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      • The euro is the most tangible proof of European integration: around 341 million people use it every day, making it the second most-used currency worldwide. The benefits of the common currency are immediately obvious to anyone travelling abroad or shopping online on websites based in another EU country. Member countries using the euro
      european-union.europa.eu/institutions-law-budget/euro/countries-using-euro_en
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  2. en.wikipedia.org › wiki › EuroEuro - Wikipedia

    In total, as of 2013, 182 million people in Africa use a currency pegged to the euro, 27 million people outside the eurozone in Europe, and another 545,000 people on Pacific islands. [58] Since 2005, stamps issued by the Sovereign Military Order of Malta have been denominated in euros, although the Order's official currency remains the Maltese ...

  3. The euro is the most tangible proof of European integration: around 341 million people use it every day, making it the second most-used currency worldwide. The benefits of the common currency are immediately obvious to anyone travelling abroad or shopping online on websites based in another EU country.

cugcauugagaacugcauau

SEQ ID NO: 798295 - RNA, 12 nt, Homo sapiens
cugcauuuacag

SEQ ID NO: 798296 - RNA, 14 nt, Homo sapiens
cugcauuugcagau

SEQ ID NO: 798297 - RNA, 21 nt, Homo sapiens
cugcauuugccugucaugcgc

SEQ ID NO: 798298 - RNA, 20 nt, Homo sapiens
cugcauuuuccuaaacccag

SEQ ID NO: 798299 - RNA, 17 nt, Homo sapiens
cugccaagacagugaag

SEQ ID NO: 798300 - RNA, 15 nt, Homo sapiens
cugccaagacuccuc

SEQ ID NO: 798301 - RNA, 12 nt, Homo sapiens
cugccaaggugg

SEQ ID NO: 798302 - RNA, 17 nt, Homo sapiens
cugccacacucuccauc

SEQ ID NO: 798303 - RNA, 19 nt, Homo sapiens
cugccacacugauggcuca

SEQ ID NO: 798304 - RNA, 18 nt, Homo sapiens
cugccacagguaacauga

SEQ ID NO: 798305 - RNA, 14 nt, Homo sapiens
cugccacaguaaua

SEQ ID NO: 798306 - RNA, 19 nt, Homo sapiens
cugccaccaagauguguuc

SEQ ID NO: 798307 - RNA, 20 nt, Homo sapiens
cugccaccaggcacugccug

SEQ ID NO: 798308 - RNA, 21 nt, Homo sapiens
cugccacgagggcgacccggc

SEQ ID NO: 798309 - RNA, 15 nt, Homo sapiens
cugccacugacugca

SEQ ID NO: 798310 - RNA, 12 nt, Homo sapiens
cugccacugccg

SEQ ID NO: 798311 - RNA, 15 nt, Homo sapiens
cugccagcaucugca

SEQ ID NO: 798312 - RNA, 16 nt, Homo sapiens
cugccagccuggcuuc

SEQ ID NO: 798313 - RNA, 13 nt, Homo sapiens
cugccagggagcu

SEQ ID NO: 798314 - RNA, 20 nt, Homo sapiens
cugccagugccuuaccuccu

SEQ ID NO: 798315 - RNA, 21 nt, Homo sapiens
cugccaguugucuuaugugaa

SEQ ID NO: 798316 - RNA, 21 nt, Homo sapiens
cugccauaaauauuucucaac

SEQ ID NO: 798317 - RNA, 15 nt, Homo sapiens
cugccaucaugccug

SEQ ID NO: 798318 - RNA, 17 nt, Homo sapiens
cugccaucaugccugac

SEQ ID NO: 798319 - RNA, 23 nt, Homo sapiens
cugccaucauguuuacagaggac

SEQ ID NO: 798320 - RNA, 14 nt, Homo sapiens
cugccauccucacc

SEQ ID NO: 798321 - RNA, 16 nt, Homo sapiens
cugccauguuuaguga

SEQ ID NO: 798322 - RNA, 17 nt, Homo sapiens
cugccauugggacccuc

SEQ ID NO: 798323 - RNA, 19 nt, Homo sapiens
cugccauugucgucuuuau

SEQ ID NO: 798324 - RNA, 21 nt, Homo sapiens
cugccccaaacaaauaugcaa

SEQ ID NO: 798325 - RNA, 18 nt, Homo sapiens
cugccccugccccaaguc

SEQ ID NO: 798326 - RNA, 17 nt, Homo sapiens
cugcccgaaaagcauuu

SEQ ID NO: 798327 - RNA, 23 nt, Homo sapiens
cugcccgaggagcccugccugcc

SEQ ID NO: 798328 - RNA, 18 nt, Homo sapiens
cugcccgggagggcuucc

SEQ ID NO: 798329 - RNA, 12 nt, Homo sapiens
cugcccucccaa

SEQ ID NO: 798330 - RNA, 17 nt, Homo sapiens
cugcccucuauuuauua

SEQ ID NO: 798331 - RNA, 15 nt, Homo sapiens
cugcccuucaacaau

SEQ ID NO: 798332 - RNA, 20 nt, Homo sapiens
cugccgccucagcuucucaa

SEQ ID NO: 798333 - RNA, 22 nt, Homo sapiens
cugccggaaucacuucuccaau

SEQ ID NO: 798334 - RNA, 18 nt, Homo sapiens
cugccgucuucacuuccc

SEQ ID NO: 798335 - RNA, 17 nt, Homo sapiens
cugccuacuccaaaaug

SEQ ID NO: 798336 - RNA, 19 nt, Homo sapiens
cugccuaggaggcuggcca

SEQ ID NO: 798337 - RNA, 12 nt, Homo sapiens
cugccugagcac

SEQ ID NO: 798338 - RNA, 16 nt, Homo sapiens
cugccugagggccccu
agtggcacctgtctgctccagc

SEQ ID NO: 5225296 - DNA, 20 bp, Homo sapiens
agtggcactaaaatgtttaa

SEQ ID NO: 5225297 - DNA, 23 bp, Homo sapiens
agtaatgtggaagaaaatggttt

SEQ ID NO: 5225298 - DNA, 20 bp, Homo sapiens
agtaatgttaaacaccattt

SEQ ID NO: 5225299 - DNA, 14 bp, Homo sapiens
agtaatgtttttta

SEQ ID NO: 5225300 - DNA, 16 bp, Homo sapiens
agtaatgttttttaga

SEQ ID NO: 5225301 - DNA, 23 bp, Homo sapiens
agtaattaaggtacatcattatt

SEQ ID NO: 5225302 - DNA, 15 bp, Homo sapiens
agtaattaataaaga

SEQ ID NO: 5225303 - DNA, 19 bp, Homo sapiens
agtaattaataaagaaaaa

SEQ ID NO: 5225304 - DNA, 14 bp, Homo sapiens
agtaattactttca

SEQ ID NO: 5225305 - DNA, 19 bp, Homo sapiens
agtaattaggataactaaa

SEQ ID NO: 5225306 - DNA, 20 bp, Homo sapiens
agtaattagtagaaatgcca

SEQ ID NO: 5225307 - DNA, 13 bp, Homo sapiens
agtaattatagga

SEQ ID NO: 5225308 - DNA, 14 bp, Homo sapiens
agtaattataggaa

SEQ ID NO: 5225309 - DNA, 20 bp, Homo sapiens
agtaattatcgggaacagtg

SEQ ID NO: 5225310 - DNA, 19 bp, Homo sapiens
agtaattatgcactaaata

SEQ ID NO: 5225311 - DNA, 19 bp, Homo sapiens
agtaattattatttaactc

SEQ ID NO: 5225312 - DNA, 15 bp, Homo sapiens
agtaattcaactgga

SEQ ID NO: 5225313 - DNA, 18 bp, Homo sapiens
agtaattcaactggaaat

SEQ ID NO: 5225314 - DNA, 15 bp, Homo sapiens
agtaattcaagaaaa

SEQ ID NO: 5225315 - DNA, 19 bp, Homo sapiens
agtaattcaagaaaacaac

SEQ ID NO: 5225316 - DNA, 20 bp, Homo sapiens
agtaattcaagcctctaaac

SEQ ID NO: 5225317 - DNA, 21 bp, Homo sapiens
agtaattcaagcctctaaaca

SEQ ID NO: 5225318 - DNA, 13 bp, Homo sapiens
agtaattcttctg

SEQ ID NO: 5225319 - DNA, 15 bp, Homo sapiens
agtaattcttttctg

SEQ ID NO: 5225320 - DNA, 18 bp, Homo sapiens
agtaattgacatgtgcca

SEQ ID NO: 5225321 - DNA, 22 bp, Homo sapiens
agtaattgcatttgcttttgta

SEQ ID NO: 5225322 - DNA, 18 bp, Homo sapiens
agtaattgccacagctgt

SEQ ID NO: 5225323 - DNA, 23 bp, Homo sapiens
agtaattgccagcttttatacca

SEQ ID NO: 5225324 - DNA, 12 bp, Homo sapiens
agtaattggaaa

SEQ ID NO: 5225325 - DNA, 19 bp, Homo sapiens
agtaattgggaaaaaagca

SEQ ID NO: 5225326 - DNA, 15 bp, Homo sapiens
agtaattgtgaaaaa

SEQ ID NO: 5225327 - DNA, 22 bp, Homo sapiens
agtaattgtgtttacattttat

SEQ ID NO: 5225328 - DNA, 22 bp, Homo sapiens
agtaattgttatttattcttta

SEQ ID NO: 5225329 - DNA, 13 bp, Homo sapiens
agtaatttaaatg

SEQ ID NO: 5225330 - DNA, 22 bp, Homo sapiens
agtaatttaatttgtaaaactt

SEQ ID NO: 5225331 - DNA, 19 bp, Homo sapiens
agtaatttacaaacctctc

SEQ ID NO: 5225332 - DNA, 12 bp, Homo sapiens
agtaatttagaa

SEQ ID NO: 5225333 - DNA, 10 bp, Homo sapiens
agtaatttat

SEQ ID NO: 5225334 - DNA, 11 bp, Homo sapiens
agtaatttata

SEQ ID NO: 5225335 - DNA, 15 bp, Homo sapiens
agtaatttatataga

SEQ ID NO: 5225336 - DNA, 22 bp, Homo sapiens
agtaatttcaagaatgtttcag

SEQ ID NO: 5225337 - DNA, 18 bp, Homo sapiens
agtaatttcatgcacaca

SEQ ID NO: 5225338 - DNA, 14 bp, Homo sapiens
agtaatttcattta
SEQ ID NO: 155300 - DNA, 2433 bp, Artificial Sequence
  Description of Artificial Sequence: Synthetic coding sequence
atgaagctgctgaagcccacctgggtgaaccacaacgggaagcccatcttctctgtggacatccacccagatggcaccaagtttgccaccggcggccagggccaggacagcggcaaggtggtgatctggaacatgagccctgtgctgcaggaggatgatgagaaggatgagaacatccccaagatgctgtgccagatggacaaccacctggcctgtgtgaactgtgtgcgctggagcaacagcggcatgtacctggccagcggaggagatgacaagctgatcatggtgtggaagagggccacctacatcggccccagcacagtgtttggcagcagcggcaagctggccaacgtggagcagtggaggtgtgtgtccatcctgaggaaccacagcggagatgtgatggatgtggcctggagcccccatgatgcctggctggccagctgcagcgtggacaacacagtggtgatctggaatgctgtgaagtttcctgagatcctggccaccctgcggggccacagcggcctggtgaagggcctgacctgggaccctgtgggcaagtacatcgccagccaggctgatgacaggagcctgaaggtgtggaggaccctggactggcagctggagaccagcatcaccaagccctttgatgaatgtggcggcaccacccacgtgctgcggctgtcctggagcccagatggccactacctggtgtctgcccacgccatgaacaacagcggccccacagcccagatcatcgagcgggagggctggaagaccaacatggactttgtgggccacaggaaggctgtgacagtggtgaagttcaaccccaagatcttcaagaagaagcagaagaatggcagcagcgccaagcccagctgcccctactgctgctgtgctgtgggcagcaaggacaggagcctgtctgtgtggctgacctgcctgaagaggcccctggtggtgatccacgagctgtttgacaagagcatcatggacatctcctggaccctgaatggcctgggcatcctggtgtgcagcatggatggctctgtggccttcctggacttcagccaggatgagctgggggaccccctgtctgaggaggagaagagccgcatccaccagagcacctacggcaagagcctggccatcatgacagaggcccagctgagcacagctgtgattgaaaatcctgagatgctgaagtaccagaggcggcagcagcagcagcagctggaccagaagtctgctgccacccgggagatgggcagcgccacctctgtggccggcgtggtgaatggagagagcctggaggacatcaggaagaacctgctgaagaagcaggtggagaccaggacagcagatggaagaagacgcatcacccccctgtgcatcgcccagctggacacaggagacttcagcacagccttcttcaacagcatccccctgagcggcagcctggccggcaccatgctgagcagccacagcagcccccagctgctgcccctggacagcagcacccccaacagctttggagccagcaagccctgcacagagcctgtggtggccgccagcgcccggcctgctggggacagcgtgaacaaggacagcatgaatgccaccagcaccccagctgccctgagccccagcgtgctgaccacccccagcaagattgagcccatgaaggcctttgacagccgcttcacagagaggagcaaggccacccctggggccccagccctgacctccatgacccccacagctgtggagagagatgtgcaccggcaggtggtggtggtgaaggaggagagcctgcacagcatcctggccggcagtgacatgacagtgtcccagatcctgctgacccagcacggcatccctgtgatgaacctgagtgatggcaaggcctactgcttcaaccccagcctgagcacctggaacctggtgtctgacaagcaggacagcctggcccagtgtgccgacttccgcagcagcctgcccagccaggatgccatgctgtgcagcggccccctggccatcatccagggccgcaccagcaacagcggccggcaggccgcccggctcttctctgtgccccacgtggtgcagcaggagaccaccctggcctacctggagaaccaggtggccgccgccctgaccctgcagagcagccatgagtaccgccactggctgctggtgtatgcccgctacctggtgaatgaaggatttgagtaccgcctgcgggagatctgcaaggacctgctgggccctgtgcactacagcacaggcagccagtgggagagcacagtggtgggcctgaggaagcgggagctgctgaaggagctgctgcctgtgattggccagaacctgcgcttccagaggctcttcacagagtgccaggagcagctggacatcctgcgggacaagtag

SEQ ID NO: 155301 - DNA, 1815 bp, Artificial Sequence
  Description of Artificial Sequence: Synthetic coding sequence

4. Nov 08, 2009 · 326 million people (excluding Kosovo and Montenegro which combined account for 3 million people). http://en.wikipedia.org/wiki/EurozoneThe Eurozone will be expanded to, Bonaire, Saba and Sint ...

  5. www.thebalance.com › what-is-the-euro-3305928What Is the Euro?

    • Definitions and Examples of The Euro
    • How The Euro Works
    • Advantages and Disadvantages of The Euro
    • Notable Happenings

    The euro was initially proposed as the official currency of the entire European Union in order to unify the countries. All 28 member nations pledged to adopt the euro when they joined the EU, but they must meet budget and other criteria before they can officially switch currencies. These were set out by the Maastricht Treaty.1 As a result, seven EU members have not adopted the euro. As of 2021, they were Bulgaria, Croatia, Czechia, Hungary, Poland, Romania, and Sweden. Denmark has opted out.2 As of 2021, there are 19 member countries of the European Union that use the euro as the official currency.3 They are Austria, Belgium, Cyprus, Estonia, Finland, France, Germany, Greece, Ireland, Italy, Latvia, Lithuania, Luxembourg, Malta, the Netherlands, Portugal, Slovakia, Slovenia, and Spain.4 Four non-EU territories also use the euro: Andorra, Vatican City, Monaco, and San Marino.5 Fourteen African nations peg their currency to the euro.6 These are former French colonies that adopted the...